When you go hunting for your first time with a friend, you’re probably going to be overwhelmed by the amount of gear that your friend will have with you. When I first went, it seemed like he had every imaginable gadget and tracking device to make sure that we found those deer. There were rangefinders and he told me he had a good rangefinder for archery. For beginners, you dont need all of those things (at least not yet). You dont want to go out and send a bunch of money on a hobby you may not end up liking. Here are the bare-bones essentials for a successful bow hunting trip.
1. A bow that fits you
There’s nothing what can be worse for a bow hunter than an improperly sized bow. You need to talk to someone knowledgeable about sizing bows and try a few out and see how they feel before you pick one up. Bows are not cheap, and they will last a long time. Make sure you get the right one right from the start.
Obviously, you wont come home with a trophy whitetail if you dont have anything to harvest the animal with. Make sure you get arrows for your bow that you can carry with you out in the field. There are many different types of arrows, so make sure that you select the right ones for your bow.
3. Sharp Broad heads
Broad heads are the arrow tips and are key to a humane harvest. This is not an area to skimp with cash, so make sure that you get a nice broad head with a sharp point and a grain that is applicable for what you are hunting. A quality broad head will make bringing down that trophy white tail buck much easier than it will with a poor broad head.
4. A Tuned Bow
This could be pretty easy to find. If you’re interested in bow hunting and you have some friends that have bow hunted for a while, this will be easy. Ask them to show you how to tune your bow up for you. Tuning is a huge component of bow hunting, because it will make sure that your arrows fly straight and true. A poorly tuned bow will cause you to come home with a lot of near miss stories, and trust me – there’s nothing worse than those.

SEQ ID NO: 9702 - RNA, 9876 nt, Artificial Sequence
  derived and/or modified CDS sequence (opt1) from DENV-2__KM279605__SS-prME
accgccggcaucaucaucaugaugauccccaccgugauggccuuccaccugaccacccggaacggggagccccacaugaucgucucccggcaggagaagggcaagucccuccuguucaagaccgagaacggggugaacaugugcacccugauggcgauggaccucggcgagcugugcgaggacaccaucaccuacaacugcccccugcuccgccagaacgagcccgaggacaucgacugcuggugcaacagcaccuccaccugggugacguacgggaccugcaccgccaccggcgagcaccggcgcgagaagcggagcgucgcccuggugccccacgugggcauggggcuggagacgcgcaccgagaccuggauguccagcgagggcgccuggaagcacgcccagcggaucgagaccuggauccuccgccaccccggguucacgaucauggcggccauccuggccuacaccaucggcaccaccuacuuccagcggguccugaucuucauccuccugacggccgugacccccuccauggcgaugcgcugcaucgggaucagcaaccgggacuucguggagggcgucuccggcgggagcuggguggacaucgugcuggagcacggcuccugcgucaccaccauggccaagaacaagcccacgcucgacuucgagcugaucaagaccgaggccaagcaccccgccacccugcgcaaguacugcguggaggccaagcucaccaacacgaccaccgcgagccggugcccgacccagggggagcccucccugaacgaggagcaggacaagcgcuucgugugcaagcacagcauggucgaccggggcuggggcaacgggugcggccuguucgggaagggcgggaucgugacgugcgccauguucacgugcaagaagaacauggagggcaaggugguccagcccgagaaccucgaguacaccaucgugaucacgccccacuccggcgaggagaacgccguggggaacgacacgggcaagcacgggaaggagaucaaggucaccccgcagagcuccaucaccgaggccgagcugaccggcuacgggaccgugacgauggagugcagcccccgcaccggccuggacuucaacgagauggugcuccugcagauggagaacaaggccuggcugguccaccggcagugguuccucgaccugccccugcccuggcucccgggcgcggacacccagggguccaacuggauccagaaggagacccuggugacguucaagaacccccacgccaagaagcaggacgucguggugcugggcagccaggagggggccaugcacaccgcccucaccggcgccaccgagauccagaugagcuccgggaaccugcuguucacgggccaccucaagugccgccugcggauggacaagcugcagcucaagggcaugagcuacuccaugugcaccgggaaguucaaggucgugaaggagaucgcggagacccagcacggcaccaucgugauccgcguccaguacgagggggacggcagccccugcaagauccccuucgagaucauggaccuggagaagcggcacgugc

If you cant find a friend to help you (Or a shop) there’s a good guide from field and stream on how to tune your bow.
5. Practice, Practice, Practice
After having a bow that shoots straight and true, you need to get out there behind it and figure out how well you shoot. If you’re anything like most beginners, you’ll be pretty terrible but you will show improvement every day. When I first started bow hunting got out and shot every day in a row for a month (about 1 hr) then every other day for the next month for an hour or so. It took me a while, but I got quite a bit better as the months wore on. It’s one of the most important things you can do to improve your bow hunting skills.
6. Tracking Skills
Typically when you’re out hunting the deer are not standing there waiting for you to sneak up on them and shoot them (though sometimes they are). You’ll need to learn to track them and find out where they are feeding or bedded down for the day so you can get a quality shot off from close range. Tracking isn’t difficult to learn, but it’s a lot harder in practice than it is in theory.
The easiest way to learn to track is to go out with a friend or two and have them show you the ropes and ask lots of questions.
7. Sharp Knife
This may sound odd, but a good sharp knife is essential for a deer hunting trip. Assuming that you’re successful, you’ll need a way to gut out the animal at the kill site so your meat doesnt get ruined. From that point, you can either cut it up yourself or take it to a game processor. Knowledge about how to gut out a deer also helps. If you’ve never done it, see the video below for a quick run down
That’s all that you absolutely need for a good bow hunting trip. Here’s to success!